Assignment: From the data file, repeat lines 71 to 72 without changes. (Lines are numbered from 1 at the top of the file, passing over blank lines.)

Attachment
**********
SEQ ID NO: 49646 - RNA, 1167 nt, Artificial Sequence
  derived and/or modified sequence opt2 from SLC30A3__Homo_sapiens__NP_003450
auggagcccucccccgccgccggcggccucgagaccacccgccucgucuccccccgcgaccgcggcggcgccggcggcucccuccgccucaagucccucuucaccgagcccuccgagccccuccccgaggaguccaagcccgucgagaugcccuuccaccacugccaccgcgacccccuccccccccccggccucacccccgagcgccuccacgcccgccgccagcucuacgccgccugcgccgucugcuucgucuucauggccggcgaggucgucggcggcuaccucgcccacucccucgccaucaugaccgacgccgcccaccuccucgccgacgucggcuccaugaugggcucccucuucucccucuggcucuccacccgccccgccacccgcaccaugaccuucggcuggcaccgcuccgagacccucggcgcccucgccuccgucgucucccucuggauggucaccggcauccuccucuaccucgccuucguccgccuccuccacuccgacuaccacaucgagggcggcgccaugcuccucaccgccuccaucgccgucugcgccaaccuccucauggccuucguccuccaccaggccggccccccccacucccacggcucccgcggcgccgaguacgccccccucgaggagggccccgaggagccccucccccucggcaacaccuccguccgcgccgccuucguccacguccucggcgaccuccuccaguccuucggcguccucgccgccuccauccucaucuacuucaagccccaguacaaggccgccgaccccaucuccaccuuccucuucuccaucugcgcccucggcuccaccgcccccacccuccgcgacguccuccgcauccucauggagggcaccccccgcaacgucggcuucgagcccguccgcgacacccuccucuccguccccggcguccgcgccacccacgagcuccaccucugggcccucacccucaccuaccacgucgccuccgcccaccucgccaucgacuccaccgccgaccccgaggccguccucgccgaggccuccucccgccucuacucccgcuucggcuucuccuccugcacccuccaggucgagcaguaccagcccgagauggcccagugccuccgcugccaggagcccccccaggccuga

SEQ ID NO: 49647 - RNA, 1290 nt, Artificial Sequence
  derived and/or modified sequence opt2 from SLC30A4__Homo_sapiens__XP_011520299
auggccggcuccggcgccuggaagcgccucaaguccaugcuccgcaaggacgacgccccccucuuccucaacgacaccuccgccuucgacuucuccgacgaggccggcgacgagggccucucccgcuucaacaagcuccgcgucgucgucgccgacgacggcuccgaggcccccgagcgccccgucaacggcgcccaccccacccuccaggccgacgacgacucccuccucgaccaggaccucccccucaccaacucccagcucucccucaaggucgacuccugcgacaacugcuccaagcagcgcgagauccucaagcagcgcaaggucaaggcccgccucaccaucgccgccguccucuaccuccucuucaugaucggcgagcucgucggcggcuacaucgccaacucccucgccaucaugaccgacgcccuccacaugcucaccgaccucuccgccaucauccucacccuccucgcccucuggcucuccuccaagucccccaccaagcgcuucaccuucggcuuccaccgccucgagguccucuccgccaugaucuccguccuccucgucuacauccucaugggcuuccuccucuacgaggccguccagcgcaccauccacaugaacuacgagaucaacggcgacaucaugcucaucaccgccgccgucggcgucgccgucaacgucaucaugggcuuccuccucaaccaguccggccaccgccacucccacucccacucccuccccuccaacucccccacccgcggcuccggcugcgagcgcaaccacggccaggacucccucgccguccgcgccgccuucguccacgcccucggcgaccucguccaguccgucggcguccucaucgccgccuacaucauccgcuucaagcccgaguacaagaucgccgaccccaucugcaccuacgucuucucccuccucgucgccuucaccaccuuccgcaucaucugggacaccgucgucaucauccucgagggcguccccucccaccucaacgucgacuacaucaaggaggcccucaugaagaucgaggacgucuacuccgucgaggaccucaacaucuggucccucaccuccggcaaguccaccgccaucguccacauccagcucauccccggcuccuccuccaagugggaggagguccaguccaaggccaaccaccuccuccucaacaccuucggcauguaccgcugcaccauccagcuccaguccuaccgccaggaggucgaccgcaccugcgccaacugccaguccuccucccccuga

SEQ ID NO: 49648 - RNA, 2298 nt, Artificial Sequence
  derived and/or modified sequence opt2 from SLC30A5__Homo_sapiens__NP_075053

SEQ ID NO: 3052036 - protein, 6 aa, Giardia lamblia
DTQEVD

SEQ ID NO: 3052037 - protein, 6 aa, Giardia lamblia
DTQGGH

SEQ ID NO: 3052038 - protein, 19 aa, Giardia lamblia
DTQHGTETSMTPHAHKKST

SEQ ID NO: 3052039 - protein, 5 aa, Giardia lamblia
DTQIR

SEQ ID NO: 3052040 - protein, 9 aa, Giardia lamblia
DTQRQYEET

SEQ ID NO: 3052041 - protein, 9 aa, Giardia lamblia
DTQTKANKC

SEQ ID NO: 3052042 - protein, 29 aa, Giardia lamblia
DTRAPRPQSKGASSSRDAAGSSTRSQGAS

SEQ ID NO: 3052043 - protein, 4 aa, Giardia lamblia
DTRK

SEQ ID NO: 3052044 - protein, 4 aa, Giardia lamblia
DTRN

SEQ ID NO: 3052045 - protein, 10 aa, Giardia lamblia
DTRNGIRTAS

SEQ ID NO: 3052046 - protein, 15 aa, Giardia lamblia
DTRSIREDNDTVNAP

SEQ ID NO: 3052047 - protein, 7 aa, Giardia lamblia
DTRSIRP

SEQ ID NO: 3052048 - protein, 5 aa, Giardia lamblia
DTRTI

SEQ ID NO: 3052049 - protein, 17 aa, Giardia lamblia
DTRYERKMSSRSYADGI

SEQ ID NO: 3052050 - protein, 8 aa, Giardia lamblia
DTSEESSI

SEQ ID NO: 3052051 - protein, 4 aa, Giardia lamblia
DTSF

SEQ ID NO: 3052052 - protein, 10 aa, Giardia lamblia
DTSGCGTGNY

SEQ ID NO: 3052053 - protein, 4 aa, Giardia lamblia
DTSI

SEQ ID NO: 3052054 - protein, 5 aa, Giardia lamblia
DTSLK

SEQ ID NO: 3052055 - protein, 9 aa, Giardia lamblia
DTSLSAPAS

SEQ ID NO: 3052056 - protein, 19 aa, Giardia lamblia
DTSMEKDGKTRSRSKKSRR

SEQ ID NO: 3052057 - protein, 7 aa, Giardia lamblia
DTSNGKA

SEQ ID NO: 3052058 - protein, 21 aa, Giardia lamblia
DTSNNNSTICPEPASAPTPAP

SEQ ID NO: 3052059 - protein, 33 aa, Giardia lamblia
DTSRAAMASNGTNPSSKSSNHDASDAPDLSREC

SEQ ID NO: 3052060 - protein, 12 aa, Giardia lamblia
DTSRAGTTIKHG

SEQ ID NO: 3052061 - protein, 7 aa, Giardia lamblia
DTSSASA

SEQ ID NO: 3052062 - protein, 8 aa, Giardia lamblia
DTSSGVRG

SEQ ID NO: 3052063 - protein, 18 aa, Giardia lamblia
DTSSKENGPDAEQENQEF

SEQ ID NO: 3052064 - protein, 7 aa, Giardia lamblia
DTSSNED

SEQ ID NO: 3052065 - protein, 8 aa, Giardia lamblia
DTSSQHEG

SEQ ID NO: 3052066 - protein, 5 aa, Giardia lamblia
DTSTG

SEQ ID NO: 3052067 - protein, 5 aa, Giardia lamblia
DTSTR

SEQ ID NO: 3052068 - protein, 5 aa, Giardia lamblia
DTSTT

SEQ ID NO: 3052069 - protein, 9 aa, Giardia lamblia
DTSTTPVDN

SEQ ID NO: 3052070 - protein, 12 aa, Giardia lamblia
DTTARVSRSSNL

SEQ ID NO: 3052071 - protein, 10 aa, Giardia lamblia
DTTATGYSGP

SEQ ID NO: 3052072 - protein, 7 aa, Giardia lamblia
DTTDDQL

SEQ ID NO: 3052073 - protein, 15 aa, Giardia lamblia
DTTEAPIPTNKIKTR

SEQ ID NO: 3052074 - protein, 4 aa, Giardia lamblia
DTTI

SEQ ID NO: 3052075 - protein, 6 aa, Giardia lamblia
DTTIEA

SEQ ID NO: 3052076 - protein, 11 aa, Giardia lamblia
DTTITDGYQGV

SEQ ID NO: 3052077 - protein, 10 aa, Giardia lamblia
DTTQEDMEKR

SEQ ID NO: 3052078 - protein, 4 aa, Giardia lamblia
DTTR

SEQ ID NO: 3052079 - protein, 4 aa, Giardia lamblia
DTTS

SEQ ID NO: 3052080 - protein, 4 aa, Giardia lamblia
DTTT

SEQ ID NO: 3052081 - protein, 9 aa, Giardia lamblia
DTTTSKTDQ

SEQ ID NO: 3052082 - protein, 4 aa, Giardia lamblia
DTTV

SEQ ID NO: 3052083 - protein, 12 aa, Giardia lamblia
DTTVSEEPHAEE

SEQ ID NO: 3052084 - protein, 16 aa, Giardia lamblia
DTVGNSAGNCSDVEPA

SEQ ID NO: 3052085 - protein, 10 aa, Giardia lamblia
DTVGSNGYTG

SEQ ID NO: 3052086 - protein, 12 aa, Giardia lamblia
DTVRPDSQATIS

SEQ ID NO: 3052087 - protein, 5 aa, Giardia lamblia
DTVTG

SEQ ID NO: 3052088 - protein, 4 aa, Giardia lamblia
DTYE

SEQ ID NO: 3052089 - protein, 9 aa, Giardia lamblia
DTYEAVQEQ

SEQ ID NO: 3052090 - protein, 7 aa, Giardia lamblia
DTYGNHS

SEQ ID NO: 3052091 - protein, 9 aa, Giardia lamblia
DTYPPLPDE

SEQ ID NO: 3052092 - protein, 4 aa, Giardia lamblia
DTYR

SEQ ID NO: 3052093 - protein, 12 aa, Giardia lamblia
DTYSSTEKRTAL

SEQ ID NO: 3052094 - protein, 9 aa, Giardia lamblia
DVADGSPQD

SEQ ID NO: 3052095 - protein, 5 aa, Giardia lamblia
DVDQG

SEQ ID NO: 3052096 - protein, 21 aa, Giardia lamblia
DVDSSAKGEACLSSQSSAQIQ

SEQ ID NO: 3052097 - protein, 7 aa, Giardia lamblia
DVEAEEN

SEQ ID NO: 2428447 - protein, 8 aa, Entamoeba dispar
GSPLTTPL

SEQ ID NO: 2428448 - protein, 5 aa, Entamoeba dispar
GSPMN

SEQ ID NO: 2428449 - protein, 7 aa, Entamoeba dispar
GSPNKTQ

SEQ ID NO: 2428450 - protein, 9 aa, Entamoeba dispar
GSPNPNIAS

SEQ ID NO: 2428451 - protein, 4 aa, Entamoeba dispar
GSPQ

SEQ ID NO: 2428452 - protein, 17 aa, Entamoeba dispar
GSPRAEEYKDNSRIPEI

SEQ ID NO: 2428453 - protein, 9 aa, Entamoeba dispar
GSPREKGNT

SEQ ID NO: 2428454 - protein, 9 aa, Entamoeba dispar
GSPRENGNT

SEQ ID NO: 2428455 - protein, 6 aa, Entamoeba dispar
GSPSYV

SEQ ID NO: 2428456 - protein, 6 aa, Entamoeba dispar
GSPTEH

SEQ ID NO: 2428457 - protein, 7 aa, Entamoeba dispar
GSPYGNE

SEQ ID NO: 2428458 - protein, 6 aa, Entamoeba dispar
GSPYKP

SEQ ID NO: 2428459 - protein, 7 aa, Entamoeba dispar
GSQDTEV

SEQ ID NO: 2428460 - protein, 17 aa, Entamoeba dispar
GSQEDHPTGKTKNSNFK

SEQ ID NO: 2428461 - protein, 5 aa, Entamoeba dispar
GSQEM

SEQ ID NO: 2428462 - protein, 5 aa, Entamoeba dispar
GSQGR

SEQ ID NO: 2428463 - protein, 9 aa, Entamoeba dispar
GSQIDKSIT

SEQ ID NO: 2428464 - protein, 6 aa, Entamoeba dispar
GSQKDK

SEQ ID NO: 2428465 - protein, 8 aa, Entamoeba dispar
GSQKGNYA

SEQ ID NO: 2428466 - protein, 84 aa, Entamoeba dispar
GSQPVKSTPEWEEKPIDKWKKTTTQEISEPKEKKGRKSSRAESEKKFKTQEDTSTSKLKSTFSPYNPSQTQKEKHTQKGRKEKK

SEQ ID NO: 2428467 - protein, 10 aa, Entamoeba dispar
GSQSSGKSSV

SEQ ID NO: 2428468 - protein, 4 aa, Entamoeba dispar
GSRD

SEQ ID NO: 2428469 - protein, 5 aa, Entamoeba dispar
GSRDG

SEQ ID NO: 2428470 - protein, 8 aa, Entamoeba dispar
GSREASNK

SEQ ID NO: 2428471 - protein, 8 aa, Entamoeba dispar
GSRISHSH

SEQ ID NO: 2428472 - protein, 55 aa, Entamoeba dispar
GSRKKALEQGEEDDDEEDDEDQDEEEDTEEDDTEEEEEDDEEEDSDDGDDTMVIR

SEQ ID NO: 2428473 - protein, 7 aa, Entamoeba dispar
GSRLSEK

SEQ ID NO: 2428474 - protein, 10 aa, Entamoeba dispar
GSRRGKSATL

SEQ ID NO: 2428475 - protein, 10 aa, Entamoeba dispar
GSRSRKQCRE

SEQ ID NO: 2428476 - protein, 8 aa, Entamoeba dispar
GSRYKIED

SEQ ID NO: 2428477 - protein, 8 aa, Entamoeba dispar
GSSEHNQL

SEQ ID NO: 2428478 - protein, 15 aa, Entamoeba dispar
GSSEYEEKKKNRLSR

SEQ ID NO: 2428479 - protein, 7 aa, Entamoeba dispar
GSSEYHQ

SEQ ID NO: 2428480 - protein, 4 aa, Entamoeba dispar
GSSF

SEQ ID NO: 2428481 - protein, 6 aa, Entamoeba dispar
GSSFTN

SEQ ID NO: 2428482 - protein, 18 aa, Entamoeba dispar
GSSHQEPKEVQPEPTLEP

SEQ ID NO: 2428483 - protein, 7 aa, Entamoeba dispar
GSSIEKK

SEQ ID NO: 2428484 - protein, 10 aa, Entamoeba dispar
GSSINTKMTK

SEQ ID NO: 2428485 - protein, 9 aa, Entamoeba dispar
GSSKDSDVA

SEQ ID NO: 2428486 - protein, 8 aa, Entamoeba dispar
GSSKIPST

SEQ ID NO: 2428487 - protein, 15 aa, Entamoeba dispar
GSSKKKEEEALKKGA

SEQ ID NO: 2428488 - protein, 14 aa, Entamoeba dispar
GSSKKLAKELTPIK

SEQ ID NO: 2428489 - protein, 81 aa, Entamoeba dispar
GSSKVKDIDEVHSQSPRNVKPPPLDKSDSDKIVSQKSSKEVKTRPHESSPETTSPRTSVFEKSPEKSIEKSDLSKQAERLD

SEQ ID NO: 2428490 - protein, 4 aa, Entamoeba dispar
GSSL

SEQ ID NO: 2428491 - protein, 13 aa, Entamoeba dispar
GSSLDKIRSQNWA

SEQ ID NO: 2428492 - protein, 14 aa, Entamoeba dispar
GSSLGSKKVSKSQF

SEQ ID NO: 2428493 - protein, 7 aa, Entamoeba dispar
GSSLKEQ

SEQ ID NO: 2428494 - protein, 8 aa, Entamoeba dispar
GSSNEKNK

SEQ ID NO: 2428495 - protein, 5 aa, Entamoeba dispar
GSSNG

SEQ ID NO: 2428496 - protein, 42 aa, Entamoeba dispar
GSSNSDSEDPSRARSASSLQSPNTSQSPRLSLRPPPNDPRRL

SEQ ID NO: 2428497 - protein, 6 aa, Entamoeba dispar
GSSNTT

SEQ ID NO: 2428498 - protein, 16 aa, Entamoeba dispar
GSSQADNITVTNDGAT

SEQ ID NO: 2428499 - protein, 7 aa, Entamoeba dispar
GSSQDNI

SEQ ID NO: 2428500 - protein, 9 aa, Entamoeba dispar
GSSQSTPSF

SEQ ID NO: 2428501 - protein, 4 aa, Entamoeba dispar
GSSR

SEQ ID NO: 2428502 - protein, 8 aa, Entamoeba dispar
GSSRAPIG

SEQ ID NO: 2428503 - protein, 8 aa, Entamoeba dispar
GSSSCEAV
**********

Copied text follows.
SEQ ID NO: 3052067 - protein, 5 aa, Giardia lamblia
DTSTR